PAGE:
While some can take this to an extreme, one can't continually work with incomplete projects and actions around one. As well, one can't have people on your lines who simply can't or won't complete things. Root of this appears to be a non-confront of the job at hand, which might manifest as an inability to organize things.
An alternate point might be a lack of resources to get that task completed. In that case, the task is getting done at a very sloooow rate and looks to never practically get completed in a single lifetime.
The opposite of this also appears insane - the necessity to get things wrapped up very, very quickly - even if they didn't need to get done to begin with.
Cure for this is to work up lists of incomplete cycles around one. Go through this list and organize by what can get done quickly and which of these are more vital to current living. One will also see some of these are recurring cycles (or should be). At the bottom of the list are the hard choices - which of these that can't be done need to be simply dropped, or reviewed and finished as a smaller version.
Confront is simply looking at things head on, as the word implies. Improving confront is done by directly ones attention to that object and nothing else as a discipline. Sitting in a chair and looking only at that object until one can do it comfortably is one way to accomplish this. Another is to keep reviewing and analyzing a single idea until the solution is simple and obvious and easily executable - a "Eureka" moment.
But people on your lines who won't complete actions or won't let you complete yours have to be handled. One way is to limit your association with such. If they are a family member, one would work out agreements with them such that you have certain time(s) during the day where you have to yourself. Or get an office in a different building from your home, with no TV or distractions in it.
With many projects which are taking a long time to complete (that may interfere with one another), a simple solution is to work up a schedule daily and weekly/monthly to work on these. One might have many hats to wear in an organization. Working on these on a schedule and in rotation will tend to get these done until you can get/afford some help and groove them in on one or more of them.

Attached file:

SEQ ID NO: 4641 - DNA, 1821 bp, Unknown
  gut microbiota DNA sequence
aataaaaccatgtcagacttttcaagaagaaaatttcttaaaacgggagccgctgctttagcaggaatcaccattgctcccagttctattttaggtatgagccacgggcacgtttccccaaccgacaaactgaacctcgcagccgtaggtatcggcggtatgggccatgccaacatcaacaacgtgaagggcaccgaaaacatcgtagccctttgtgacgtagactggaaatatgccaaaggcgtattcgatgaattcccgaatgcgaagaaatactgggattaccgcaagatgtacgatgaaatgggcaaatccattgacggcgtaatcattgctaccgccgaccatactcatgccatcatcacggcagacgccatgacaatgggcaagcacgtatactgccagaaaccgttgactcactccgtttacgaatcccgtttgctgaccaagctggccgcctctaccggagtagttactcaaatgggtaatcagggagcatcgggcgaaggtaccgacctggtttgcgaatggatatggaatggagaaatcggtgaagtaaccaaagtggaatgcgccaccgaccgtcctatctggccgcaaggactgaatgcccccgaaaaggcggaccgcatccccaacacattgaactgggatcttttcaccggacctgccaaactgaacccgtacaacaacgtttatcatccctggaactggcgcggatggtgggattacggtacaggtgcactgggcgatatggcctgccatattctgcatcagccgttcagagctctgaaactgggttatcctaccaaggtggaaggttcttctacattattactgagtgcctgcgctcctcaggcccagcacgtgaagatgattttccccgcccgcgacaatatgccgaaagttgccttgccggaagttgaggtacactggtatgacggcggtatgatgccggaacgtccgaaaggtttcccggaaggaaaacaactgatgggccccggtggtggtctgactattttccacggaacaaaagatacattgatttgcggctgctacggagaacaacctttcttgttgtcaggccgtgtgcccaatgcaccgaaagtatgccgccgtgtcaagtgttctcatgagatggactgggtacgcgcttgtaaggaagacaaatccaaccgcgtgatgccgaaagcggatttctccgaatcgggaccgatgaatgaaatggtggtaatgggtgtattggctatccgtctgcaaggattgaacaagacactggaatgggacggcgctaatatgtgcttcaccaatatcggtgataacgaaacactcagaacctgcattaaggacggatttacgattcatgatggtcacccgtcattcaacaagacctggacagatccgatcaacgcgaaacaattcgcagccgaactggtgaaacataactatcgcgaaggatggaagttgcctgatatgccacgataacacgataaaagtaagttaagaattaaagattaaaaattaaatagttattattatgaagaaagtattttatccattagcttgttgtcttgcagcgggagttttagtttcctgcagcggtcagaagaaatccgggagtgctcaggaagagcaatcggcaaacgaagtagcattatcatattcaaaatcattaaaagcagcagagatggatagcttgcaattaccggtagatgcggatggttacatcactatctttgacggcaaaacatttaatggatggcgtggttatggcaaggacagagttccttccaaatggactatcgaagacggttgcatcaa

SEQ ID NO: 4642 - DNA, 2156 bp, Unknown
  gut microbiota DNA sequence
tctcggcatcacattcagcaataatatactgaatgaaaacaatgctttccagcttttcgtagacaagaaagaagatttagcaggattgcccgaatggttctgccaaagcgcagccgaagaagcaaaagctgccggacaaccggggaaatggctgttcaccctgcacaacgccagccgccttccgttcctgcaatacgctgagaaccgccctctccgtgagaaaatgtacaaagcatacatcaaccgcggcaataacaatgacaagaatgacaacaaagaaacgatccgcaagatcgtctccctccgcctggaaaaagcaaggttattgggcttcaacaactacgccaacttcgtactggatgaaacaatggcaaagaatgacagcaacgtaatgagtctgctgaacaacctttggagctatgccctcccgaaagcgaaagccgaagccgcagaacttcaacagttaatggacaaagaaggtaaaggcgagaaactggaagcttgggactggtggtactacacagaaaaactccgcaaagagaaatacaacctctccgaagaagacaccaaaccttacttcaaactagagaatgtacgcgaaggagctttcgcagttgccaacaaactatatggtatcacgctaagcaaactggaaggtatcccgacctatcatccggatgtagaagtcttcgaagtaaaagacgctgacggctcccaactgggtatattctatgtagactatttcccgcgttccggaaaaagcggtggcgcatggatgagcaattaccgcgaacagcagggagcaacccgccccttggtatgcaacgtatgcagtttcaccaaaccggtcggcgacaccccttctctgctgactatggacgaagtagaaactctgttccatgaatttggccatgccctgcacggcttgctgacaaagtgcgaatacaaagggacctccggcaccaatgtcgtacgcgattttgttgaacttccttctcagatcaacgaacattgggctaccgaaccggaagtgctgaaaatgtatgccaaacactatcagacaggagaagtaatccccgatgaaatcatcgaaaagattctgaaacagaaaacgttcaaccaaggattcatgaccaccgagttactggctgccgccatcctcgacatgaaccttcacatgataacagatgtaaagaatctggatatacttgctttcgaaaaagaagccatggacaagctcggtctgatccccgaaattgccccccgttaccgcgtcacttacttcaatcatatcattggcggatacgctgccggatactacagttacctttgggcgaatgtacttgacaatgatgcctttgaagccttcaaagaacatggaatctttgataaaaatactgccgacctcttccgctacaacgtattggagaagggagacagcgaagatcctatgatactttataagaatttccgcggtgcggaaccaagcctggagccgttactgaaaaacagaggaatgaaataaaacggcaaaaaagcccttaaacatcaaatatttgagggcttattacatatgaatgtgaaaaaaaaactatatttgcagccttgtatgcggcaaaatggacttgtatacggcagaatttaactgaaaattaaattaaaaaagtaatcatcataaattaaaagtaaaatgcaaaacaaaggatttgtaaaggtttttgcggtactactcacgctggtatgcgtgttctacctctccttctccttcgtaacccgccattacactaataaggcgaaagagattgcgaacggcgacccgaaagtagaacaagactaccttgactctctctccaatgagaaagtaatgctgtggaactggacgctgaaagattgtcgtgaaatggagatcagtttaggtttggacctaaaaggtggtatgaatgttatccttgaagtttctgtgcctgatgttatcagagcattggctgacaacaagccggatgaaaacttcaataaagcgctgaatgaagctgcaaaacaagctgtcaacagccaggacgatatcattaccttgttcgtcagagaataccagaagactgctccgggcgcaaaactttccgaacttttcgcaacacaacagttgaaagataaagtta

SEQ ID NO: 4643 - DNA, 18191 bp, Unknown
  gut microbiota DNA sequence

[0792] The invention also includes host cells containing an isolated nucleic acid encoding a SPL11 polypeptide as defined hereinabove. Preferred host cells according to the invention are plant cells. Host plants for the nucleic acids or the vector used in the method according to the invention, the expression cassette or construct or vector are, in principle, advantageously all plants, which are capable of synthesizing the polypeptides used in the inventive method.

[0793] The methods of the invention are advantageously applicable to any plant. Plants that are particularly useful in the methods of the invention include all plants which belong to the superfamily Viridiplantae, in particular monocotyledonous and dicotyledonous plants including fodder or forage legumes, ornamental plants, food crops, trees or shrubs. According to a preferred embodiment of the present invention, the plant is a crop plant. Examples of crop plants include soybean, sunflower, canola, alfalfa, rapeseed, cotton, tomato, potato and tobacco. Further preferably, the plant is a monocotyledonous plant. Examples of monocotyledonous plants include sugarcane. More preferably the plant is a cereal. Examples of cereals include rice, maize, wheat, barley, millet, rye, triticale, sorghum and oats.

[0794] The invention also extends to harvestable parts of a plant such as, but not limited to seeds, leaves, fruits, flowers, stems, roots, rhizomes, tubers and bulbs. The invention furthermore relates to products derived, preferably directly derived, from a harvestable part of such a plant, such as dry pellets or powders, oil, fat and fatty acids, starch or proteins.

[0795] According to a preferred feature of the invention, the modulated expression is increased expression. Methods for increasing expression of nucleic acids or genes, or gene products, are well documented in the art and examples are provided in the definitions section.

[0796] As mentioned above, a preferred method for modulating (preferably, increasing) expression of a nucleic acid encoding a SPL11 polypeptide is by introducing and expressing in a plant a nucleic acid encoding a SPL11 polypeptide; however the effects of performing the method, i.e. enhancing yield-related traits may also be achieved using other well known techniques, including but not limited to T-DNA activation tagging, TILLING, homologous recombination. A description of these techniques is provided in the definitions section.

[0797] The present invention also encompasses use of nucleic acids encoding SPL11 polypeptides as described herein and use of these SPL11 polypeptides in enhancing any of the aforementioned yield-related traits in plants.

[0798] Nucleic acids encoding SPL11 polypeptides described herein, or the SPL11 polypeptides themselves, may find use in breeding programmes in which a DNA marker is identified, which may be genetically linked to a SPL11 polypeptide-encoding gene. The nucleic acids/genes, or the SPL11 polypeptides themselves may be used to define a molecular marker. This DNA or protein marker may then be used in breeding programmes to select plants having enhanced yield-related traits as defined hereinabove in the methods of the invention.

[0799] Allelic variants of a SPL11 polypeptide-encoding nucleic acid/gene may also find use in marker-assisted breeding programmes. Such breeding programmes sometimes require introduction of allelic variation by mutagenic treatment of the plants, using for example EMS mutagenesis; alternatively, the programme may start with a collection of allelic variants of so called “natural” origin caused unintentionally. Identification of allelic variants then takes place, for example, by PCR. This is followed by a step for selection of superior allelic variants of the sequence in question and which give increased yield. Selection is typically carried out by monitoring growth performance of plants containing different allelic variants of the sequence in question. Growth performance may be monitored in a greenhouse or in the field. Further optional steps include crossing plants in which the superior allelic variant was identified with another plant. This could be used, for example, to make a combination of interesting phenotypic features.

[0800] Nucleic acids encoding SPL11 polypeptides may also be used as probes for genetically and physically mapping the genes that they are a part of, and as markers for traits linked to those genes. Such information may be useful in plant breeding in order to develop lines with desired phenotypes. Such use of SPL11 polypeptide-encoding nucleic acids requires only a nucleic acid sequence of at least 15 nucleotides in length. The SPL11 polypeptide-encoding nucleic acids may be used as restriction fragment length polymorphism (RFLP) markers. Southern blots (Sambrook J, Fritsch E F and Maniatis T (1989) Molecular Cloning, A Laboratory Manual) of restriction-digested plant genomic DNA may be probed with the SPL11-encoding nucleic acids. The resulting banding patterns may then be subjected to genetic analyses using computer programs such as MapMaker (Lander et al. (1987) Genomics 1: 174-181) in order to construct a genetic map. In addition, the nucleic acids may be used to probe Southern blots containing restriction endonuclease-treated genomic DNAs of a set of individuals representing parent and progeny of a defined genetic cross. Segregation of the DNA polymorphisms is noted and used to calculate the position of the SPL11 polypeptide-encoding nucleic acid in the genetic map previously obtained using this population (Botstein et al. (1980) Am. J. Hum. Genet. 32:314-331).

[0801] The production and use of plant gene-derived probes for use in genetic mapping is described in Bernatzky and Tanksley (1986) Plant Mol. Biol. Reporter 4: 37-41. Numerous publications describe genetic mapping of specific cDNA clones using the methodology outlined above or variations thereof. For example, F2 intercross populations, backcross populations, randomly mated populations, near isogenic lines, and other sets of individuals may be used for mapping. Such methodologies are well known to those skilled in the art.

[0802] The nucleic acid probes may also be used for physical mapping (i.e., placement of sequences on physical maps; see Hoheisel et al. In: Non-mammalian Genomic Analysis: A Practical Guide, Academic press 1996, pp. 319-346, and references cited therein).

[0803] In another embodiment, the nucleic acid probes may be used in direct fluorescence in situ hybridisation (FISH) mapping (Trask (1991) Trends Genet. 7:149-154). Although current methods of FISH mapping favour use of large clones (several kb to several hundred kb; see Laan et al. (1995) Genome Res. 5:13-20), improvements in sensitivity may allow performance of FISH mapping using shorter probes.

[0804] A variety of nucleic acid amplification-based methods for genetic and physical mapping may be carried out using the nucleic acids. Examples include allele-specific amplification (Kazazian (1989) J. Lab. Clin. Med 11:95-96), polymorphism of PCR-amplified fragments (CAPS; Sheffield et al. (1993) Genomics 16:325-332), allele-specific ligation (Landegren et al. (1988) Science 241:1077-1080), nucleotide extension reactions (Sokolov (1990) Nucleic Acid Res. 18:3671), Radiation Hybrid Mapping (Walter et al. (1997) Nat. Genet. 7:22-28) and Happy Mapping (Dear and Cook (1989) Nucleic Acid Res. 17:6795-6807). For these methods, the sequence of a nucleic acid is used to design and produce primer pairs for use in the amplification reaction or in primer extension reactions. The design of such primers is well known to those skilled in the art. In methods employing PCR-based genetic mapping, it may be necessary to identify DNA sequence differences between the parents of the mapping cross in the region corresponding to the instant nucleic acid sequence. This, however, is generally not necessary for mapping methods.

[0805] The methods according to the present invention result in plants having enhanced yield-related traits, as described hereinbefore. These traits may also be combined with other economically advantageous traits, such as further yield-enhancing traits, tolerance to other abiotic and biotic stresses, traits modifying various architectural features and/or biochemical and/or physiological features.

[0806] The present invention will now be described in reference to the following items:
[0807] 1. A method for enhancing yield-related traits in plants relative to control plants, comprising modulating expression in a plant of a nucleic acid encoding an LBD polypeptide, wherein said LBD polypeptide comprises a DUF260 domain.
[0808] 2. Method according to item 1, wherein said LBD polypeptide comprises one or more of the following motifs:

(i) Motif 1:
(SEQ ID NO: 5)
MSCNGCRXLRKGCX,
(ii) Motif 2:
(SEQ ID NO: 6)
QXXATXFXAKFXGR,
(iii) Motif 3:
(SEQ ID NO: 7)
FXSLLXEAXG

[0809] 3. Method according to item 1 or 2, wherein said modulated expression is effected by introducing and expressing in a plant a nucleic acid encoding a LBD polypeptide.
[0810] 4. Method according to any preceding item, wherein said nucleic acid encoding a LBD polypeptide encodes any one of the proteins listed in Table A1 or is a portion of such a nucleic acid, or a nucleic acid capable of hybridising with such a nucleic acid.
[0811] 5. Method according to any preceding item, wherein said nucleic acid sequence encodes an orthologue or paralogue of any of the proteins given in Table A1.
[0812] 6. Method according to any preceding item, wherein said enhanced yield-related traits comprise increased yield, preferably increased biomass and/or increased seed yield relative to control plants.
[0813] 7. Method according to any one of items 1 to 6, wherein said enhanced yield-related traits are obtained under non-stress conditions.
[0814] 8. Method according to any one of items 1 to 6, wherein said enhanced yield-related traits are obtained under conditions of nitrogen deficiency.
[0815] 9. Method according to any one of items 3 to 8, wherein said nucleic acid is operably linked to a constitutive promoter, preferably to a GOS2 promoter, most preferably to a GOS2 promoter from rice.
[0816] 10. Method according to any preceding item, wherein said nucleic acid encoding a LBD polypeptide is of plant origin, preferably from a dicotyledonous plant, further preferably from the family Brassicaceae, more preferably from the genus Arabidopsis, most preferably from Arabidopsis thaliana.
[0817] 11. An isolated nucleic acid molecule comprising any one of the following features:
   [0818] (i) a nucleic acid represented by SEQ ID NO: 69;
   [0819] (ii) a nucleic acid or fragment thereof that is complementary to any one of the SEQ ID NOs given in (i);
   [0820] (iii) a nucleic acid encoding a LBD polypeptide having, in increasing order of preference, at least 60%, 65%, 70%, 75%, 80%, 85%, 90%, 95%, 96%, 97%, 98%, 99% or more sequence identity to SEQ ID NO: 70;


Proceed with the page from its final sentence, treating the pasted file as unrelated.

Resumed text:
Such handlings need not be extreme. Often the beginning to handling such work is to simply clean your room and place/organize things so that you can find them and get to them easily. Then work out a realistic schedule to get them all accomplished, as above, which will weed out the unnecessary or trivial projects.
Below this is your own vision of what you want to accomplish. Often getting this in view and then working out your own plan of how to accomplish this will give you a metric to compare the value of all the things you are trying to get accomplished so that your weeding can take place. Without a vision to anchor yourself, often one might feel like one is very busy getting all these things done but no morale which accompanies the satisfaction of a well-completed project.
Below the vision are the necessary plans to get such visions executed - plans which are both long and short term in length. Longer term plans can and need be revised over time as resources shift to accomplish them. Plans can be made to acquire resources. But complete planning is also a part of any personal vision. This is a subject of its own and deserves its own write-up.
At this point, getting things done in one's vicinity - as well as limiting exposure to those people who consistently don't get things done (while perhaps clueing them in on the above) should speed up one's production and as well enhance one's personal morale.
Luck and Good Hunting.